Physical Review Letters 54 (1985) 735-738.
The paper was published in 1985, long before the most important work of Stephen Wolfram was accomplished, A New Kind of Science. It is not only the book, but also the very wide, comprehensive and multidisciplinary program, which according to the author’s intentions, should essentially change the way in which science is practiced. The book covered most of the ideas previously expressed in the separate papers and the author himself confessed that it is better to read the book, and not the articles. Nevertheless there are at least two reasons why the text is still interesting: It touches the crucial problems of computation in modern physics and it is much shorter than the corresponding chapter of the book (“Fundamental Physic” – about 100 pages).
According to Wolfram, there is close correspondence between physical processes and computations. At least we can say that physical processes seem to be computable and theoretical physic aims to discover and properly formulate those algorithms that represent those processes. Algorithms however would be useless if we didn’t discover the “shortcuts” i.e. the equations or set of equations which describes the particular physical process and let us input the initial data to obtain the results. It is almost commonly accepted among the physicist that such shortcuts are common in the nature and we should continue looking for them. The Wolfram thesis is different.
Comparing the physical process to computer, Wolfram argues, that there are computations, normally executed on the computer, which are “irreducible”. Irreducibility means, that although we know the “program”, i.e. the instructions which are uploaded to the computer in order to conduct the computations, we cannot predict the result by the kind of shortcut, but we have to execute the whole computation step by step. Computation irreducibility is common in mathematics and in computation theory, but Wolfram claims that it is also common in theoretical physic, although has not been noticed so far.
Wolfram distinguishes three kinds of problems, which can be submit to the “universal computer” in order to get the solution: The first are denoted P, and they represent the level of complexity (in terms of space and time) which makes them decidable. The second, PSPACE, are those that can be solved with polynomial storage capacity, but may require exponential time, and so are in practice effectively intractable. The third NP, consist in identifying, among an exponentially large collection of objects, those with some particular, easily testable property. The computer that could follow arbitrarily many computational paths, could solve such problems in polynomial time. For actual computers, those problems are undecidable. According to Wolfram computation irreducibility may be widespread, even (or may be particular) among the systems with very simple structure. Cellular automata constitutes the best examples. Very simple instruction coded in the automaton may lead to the irreducibly complex structure.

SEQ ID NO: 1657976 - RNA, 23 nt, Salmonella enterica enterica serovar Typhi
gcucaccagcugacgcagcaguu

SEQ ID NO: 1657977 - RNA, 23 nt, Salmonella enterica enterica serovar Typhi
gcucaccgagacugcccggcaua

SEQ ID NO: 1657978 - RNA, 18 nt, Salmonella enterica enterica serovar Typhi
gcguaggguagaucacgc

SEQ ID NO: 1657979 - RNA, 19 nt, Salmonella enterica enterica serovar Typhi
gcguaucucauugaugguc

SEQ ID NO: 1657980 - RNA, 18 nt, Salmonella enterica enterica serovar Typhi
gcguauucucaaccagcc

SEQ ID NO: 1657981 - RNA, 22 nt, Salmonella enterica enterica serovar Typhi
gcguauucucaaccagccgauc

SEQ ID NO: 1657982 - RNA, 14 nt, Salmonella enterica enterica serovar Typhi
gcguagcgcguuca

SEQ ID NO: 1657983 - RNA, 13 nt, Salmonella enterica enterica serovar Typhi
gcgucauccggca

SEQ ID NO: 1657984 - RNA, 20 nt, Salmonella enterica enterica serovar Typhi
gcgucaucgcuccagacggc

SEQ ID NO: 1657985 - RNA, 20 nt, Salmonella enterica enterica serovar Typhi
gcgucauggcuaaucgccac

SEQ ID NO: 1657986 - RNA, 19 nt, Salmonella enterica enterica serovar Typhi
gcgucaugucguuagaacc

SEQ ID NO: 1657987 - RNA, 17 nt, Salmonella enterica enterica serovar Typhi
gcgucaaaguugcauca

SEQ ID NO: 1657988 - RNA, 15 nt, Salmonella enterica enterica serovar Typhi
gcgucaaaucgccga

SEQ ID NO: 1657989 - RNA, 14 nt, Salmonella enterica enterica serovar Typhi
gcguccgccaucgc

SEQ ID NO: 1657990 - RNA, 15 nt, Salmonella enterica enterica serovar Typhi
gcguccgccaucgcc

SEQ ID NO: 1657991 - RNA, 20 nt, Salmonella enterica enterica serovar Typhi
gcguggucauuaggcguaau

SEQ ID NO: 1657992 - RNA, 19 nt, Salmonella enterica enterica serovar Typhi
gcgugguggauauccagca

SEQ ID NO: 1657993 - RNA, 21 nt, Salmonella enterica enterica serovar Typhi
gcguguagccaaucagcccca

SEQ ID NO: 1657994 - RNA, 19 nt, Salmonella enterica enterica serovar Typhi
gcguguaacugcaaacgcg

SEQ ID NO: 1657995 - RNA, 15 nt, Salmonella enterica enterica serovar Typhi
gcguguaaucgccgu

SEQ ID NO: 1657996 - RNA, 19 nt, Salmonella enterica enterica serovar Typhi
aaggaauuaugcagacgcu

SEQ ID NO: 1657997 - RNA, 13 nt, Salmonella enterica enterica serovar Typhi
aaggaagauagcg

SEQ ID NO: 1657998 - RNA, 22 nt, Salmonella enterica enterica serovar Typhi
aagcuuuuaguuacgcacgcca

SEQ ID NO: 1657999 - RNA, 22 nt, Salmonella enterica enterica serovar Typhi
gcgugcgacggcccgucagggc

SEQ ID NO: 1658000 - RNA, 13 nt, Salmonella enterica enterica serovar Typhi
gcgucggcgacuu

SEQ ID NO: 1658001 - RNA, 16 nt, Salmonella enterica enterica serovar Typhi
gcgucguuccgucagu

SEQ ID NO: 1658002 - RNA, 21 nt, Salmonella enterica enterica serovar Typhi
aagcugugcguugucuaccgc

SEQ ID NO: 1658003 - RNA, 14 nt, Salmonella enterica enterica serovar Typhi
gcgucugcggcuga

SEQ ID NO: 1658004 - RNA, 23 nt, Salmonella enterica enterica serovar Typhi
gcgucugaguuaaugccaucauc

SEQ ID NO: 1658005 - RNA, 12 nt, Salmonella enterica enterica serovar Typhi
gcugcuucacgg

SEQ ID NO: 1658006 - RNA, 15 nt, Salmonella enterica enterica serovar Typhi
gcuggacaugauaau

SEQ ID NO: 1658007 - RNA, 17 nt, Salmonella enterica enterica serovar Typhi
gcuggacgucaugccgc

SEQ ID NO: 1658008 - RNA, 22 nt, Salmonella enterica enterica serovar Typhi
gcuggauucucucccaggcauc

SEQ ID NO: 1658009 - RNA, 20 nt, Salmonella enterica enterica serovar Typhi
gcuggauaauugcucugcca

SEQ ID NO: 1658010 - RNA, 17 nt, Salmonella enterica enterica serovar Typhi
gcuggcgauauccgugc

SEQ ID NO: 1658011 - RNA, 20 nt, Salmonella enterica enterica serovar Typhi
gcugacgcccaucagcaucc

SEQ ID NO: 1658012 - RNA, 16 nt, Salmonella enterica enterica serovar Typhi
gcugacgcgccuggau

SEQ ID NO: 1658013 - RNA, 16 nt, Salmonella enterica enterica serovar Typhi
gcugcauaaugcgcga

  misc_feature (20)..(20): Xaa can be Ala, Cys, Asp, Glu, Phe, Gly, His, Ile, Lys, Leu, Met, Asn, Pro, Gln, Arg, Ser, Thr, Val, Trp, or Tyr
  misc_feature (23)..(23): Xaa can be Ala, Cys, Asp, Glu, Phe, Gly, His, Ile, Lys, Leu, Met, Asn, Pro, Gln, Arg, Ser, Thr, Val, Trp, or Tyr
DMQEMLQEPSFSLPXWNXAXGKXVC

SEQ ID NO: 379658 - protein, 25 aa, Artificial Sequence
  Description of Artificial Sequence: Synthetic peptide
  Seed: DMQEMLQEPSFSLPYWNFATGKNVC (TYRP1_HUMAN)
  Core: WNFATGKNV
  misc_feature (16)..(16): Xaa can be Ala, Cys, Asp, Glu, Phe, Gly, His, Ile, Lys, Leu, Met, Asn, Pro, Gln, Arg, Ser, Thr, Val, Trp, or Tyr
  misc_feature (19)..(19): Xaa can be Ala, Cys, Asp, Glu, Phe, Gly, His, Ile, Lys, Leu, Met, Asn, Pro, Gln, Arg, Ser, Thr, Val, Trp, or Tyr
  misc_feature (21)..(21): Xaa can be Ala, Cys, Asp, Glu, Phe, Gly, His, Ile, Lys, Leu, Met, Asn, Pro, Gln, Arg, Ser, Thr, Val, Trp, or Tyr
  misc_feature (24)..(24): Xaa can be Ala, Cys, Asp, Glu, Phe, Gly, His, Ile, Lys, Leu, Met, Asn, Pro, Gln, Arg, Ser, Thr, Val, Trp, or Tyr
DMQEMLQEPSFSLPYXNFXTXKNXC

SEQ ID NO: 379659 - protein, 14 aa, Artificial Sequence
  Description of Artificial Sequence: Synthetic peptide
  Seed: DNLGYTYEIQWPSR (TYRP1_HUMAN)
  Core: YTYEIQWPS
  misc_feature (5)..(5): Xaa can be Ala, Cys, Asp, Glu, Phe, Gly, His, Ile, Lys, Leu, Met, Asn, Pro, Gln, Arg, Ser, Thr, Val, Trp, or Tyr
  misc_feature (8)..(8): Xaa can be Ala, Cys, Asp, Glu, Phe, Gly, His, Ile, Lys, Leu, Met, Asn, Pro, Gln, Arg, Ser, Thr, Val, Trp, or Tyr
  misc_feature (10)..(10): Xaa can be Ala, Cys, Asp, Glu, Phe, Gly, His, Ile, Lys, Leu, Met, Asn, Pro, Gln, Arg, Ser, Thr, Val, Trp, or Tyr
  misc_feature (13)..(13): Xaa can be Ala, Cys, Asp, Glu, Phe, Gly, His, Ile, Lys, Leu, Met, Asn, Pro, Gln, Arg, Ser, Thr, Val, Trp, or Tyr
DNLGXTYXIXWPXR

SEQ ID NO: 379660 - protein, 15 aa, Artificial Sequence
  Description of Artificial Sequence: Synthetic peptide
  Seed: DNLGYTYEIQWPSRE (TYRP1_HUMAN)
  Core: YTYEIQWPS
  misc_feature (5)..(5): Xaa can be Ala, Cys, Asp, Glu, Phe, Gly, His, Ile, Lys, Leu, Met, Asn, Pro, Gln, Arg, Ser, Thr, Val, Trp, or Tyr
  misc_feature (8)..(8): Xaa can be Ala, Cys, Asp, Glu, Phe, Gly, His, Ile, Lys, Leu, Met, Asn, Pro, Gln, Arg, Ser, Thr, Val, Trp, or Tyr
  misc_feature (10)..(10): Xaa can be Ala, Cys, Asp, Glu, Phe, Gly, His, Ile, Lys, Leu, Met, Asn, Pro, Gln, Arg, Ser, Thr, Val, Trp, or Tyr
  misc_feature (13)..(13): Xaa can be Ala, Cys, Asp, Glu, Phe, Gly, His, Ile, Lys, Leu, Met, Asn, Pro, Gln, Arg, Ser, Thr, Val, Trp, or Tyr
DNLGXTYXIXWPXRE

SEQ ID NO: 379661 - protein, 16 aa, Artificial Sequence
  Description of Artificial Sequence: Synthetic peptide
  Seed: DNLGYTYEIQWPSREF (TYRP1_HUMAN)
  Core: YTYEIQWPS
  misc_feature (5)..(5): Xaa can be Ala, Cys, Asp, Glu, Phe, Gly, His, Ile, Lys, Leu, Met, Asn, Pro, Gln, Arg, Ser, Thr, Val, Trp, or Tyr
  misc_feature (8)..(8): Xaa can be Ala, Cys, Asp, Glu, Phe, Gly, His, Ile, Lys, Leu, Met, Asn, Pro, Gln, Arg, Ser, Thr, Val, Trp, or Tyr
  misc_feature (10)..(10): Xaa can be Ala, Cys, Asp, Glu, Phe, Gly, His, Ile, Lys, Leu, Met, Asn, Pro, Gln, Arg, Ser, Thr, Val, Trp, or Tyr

Do we have an examples of such structures in physical systems? Wolframs argues that we do, and points the following examples: electric circuits, hard-sphere gases with obstructions, networks of chemical reactions, chaotic dynamical systems. Minimum energy conformation for a polymer is in general NP-complete with respect to its length. Finding a configuration below a specified energy in a spin-glass with particular couplings is similarly NP-complete. The examples can be multiplied. Wolfram expresses in fact the most important suspicion: It may occur that systems that are computationally reducible, and the so called “shortcuts”, which have been discovered so far are very rare examples of structures in the world.
The observation that in computer theory and in mathematic we do meet problems which are undecidable or intractable is not new. We know about it at least since Gödel formulated his famous theorems or since Turing presented his conception of universal computer. However the thesis, that those unsolvable problems represent the systems actually existing in the physical world is something new. New, seems to be also the suspicion that the theory of cellular automata can be the closest representation of such a systems. Both hypothesis are also quite courageous. Why courageous? Because they seem to be very hard to proof or even to make it probable. When scientists find the shortcut which solves the significant set of problems, the only thing that can be said is that there exists solvable, computational reducible problems in nature. The thesis, that the whole nature has that special feature, that can be described by the computationally reducible processes is an extrapolation. The adverse experience, so that we conclude, that there are processes, for which the fitted shortcut has not been found yet, although many tries, don’t even let us extrapolate about the computationally irreducible problems in nature. This seems to be purely philosophical speculation and I can hardly imagine what kind of facts could falsify the hypothesis. Nevertheless it still very interesting and worth considering, especially as it goes against the wave. The another problem is, if on the basis of such a suspicions, we can really construct a new kind of science.